Updated: Mar 16
The jobs-to-be-done (JTBD) framework is a useful way to analyse the needs of a customer and figure out features to help them achieve their goals.
Just as I was returning to my job at Octopus Investments after maternity leave, I was asked to lead the creation of a new portal for our customers.
The idea was for the portal to function as a single hub where all our customers could manage their investments online — an awesome opportunity, but a big challenge. My first step was to decide how to approach it.
The Jobs-to-be-Done framework was at the top of my list. At the core of this framework is a really simple concept that helps drive all of your product development. Let me tell you more.
History of Jobs-to-be-Done
Although product management is a relatively new practice, it often builds on tools and techniques that have been around for a while. Invented by Tony Ulwick when he founded his company Strategyn, the Jobs-to-be-Done framework dates back to 1991.
Ulwick believed that companies needed a scientific way to innovate. To gain deep insight into the customer’s needs, he posited, companies should stop focusing on the product or the customer and instead seek to understand what the customer is trying to achieve using that product or service.
Ulwick has applied this philosophy to help companies deliver amazing successes through a process called outcome-driven innovation (ODI). In 1999, he introduced ODI to Harvard professor Clayton Christensen, who popularized the theory in his book, “The Innovator’s Solution” and labeled the theory as Jobs-to-be-Done.
Between the work of Ulwick and Christensen, the Jobs-to-be-Done theory has proven to be an extremely effective tool when building products and services for customers.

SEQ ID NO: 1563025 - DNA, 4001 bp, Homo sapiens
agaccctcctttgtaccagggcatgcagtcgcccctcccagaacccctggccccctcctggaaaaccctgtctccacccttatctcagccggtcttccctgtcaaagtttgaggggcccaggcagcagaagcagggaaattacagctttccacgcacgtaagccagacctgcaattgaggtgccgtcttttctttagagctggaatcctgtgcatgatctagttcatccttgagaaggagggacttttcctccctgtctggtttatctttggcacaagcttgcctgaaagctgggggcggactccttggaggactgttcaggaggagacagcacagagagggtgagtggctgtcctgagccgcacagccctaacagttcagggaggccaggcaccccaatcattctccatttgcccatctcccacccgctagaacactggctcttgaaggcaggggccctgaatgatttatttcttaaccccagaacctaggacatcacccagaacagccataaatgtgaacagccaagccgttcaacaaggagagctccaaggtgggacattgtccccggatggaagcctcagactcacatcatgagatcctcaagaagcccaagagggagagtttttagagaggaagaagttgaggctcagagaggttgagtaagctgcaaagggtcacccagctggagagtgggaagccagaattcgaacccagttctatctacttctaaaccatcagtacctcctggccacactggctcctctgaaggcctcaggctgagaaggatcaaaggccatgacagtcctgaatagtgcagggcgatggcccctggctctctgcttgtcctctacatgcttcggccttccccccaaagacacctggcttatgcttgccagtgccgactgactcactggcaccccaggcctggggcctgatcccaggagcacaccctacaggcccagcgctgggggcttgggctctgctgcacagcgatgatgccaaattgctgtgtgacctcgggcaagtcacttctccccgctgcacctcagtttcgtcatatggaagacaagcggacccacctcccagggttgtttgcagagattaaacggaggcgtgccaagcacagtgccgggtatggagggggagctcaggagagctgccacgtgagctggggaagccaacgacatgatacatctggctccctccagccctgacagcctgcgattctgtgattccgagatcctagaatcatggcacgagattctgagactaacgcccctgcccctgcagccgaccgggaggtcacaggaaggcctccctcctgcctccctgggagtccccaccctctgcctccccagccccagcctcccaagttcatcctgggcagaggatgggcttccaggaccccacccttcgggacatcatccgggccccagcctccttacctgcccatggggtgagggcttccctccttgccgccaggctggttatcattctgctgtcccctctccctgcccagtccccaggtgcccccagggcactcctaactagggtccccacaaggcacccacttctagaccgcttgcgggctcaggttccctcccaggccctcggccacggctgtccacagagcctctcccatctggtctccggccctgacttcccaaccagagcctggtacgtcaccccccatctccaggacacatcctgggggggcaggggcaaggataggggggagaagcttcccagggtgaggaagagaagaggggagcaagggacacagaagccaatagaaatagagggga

What is the Jobs-to-be-Done framework?
The core principle of the Jobs-to-be-Done framework is as follows: to create a product or service that your customer wants, you need to understand what they’re trying to do with it.
As the saying goes, no one wants a quarter-inch drill bit; they want a quarter-inch hole.
For example, the portal I was tasked to build would allow the customers of Octopus Investments to manage their investments online, but I knew that was too simplistic for some customers.
The main customer of Octopus Investments is a financial adviser who works with clients to understand their financial goals and advise on strategies to achieve them. So, if they have placed a client's money with us, the job they are doing is providing ongoing service to that customer, which may include conducting regular reviews on how the investment is performing, answering ad-hoc questions, and more.
While, on the surface, the customer may want to know the current value of the investment, what they needed to do was to get that number, understand any changes, and communicate it in a variety of formats. This called for a very different design.
The 9 tenets of Jobs-to-be-Done